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‘Quick construction’ on tap for broken St. Mary canal siphons

by KEILA SZPALLER Daily Montanan
| July 9, 2024 12:00 AM

Repairs to the broken St. Mary Canal pipes that are part of the Milk River Project can begin immediately through an emergency authorization with the Bureau of Reclamation, U.S. Sen. Jon Tester’s office announced Friday.

The St. Mary Canal near Babb diverts water from the St. Mary River to the Milk River. The river provides 18,000 people with municipal drinking water and feeds one million people annually, according to the Milk River Joint Board of Control.

It also supports industrial uses, according to the Bureau of Reclamation.

Without the canal, the Milk River would run dry six out of 10 years, according to the Joint Board of Control, made up of eight irrigation districts.

The river runs into Canada and then back into Montana near Havre.

On June 17, a couple of the canal’s aging siphons failed, and Montana’s political leaders, including its Congressional delegation, have been advocating for urgent action from the Biden Administration.

In a news release, Tester said the Bureau of Reclamation agreed Friday to fund the repairs through its emergency authority.

“This is an important step forward for north-central Montana water users who rely on the Milk River Project to support their farm operations that feed the world and to keep their small businesses running,” said Tester, a Montana Democrat, in a statement.

In a newsletter Friday, Republican Rep. Ryan Zinke’s office shared a letter sent to the U.S. Department of Interior and Bureau of Reclamation from him and the rest of the delegation, Tester, Republican U.S. Sen. Steve Daines, and Republican Rep. Matt Rosendale.

“We urge you to take immediate action to authorize federal funds to replace the siphons under the authority granted in Public Law 111-11,” the letter said. “A swift federal response is critical to restore the lands damaged by the catastrophic failure and to return water to the Milk River.”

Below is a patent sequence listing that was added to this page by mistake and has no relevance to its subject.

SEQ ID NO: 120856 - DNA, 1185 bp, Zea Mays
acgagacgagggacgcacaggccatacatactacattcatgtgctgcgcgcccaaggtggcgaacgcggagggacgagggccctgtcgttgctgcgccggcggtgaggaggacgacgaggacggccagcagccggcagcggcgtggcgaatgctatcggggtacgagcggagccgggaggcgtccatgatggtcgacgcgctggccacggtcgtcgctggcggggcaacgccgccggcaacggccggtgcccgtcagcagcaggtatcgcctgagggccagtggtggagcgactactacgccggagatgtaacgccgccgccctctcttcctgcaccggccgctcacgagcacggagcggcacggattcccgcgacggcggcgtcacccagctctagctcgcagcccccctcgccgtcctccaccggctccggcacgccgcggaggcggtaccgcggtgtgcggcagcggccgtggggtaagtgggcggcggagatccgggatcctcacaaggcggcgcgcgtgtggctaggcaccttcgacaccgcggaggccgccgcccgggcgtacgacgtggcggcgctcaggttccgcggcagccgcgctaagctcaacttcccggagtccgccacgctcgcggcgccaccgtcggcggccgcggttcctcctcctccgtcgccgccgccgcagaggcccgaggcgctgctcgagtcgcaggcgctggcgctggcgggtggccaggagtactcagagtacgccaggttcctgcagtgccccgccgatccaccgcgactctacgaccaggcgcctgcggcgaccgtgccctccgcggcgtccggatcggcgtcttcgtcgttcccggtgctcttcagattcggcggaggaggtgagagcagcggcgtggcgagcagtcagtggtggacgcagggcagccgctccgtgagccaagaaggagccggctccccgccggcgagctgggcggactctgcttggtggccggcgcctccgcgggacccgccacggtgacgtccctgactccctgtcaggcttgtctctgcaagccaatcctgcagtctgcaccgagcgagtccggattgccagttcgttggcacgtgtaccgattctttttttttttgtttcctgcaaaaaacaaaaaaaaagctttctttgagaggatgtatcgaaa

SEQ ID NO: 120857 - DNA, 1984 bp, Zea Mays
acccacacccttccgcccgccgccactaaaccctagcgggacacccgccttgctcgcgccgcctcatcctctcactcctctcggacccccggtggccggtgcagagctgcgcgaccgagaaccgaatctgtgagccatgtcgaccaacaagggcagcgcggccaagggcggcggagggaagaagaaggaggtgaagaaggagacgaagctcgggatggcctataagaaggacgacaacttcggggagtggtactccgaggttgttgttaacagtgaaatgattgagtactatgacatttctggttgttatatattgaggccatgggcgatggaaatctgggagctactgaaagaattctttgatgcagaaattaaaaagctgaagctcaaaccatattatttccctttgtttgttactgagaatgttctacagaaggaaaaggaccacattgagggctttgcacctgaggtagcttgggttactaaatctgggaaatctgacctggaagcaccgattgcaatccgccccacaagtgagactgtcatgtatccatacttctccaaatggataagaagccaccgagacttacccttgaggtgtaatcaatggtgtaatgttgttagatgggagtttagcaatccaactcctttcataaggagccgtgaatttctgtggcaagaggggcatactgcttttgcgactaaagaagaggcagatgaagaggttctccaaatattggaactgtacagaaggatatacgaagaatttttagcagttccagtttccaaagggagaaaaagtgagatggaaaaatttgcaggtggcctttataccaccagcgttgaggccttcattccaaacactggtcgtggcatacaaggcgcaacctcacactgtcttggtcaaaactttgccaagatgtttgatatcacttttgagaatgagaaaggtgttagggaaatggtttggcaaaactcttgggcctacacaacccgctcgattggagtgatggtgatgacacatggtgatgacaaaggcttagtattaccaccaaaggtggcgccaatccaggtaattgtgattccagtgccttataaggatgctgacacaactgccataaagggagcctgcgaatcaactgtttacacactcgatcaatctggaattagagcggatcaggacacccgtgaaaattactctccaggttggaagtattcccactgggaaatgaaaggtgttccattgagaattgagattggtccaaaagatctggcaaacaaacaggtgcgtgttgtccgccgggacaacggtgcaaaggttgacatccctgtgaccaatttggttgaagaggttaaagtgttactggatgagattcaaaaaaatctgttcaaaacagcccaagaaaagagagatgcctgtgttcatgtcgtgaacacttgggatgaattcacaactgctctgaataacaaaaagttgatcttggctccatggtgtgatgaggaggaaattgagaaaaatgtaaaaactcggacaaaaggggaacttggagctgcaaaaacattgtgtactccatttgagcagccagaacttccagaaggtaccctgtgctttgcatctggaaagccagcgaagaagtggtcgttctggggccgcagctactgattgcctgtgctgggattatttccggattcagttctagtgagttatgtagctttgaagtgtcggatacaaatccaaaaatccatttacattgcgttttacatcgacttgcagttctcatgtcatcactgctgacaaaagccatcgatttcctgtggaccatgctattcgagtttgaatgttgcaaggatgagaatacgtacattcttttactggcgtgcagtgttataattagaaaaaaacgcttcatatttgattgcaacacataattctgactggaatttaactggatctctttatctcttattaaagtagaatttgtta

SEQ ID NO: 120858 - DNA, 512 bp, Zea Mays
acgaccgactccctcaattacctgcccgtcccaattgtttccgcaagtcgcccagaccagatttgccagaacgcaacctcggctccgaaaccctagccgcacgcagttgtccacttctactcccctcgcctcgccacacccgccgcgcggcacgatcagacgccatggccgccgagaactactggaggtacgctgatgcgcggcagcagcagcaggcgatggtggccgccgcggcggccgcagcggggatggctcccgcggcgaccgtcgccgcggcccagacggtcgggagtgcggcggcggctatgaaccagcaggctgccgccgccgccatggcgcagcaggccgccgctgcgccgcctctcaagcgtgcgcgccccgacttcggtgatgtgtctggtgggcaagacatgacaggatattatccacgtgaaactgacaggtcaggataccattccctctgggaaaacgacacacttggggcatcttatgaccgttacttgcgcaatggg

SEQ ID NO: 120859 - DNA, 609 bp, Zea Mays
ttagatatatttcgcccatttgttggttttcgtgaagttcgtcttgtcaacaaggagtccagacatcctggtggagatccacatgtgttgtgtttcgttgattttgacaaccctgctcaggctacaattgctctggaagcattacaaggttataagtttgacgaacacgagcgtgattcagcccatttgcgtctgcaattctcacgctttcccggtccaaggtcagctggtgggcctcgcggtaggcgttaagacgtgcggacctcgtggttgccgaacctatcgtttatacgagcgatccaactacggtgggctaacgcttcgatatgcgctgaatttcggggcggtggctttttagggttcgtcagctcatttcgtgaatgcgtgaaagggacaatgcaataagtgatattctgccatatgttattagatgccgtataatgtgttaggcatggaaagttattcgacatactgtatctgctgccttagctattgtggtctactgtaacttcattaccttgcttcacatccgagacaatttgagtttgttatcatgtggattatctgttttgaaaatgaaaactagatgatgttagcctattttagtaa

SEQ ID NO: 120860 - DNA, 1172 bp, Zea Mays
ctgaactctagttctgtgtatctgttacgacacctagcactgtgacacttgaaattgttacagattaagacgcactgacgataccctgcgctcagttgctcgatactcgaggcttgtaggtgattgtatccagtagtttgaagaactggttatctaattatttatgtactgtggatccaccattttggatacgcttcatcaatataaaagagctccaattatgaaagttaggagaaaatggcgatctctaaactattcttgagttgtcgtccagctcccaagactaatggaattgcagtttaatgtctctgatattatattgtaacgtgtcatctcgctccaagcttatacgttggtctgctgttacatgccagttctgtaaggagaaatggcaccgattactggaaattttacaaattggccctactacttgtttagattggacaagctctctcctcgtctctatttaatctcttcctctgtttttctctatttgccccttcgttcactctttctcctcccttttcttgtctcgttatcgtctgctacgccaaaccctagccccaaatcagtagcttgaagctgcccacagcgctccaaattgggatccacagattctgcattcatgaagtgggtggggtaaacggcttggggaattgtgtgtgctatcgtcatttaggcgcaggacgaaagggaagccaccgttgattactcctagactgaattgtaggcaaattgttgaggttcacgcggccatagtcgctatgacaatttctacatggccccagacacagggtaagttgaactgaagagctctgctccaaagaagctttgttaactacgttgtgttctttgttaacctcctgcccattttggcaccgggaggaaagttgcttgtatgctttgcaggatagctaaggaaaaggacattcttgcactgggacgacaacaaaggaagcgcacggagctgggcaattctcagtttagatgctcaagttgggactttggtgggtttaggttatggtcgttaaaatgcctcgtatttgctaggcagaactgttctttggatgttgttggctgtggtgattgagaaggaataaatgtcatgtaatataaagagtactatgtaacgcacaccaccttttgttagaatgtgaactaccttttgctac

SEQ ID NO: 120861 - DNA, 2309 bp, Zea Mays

A contact in the Bureau of Reclamation office in Montana could not be reached Friday by voicemail.

In a phone call, Jennifer Patrick, project manager for the Milk River Joint Board of Control, said the funding package has moved quickly, which will make a difference in work on the ground.

“That will allow us to move forward into construction a lot quicker,” Patrick said.

The cost of fixing the breached St. Mary siphon and another piece of infrastructure in need of replacement, the 100-year-old Halls Coulee siphon, is $70 million together, Patrick said.

So far, Montana irrigators aren’t impacted this year partly because of the rain and full reservoirs, although Patrick also said it’s a “compressed irrigation season.”

If the winter is strong, that will help storage for Montana, she said, but it won’t make construction easy. Montana holds water in the Fresno and Nelson reservoirs on the Hi-Line.

“We’re really, really trying to have water running back into the Milk River by the fall of 2025,” Patrick said.

Patrick, however, also said Alberta, Canada, likely will be affected because it doesn’t have water storage like Montana does.

She said Milk River irrigators are working closely with landowners, the Blackfeet Nation, and state and federal government, and the cooperation and partnerships are “incredible.”

“We’re moving quickly. You might not hear from us that often, but our goal is to have water back in the Milk River in 2025,” Patrick said.

The entire congressional delegation has been “turning over rocks” for funding, emergency authorizations, and whatever “works best for the state of Montana,” she said. And she said local representatives and state legislators have been on the job as well.

Kwebb Galbreath, water director for the Blackfeet Nation, also said politicians and decision-makers have been moving quickly, which is key to fixing the problem.

“The problem is that this has been something that’s been left unattended for 100 years,” Galbreath said. “It should have been replaced probably 75 years ago.”

He described the current situation as “chaos, but I think right now it’s controlled chaos.” And he said a plan is in place that he believes will lead to repairs made to both siphons by 2025.

“I do believe that they’ll both be fixed, and next year in August, we’ll have good water flowing,” Galbreath said.

The St. Mary Diversion Dam and Canal is “dilapidated” and has long been in need of repair, according to the Bureau of Reclamation.

The Infrastructure Investment and Jobs Act set aside $100 million for facilities that have failed in a way that prevented water delivery for irrigation, and the St. Mary canal is the only project that fit the criteria, according to a project overview on the Bureau of Reclamation website.

Bozeman company NW Construction was recently awarded a more than $88 million contract to complete the canal and dam replacement project, part of the Infrastructure Investment and Jobs Act.

Keila Szpaller is deputy editor of the Daily Montanan, a nonprofit newsroom.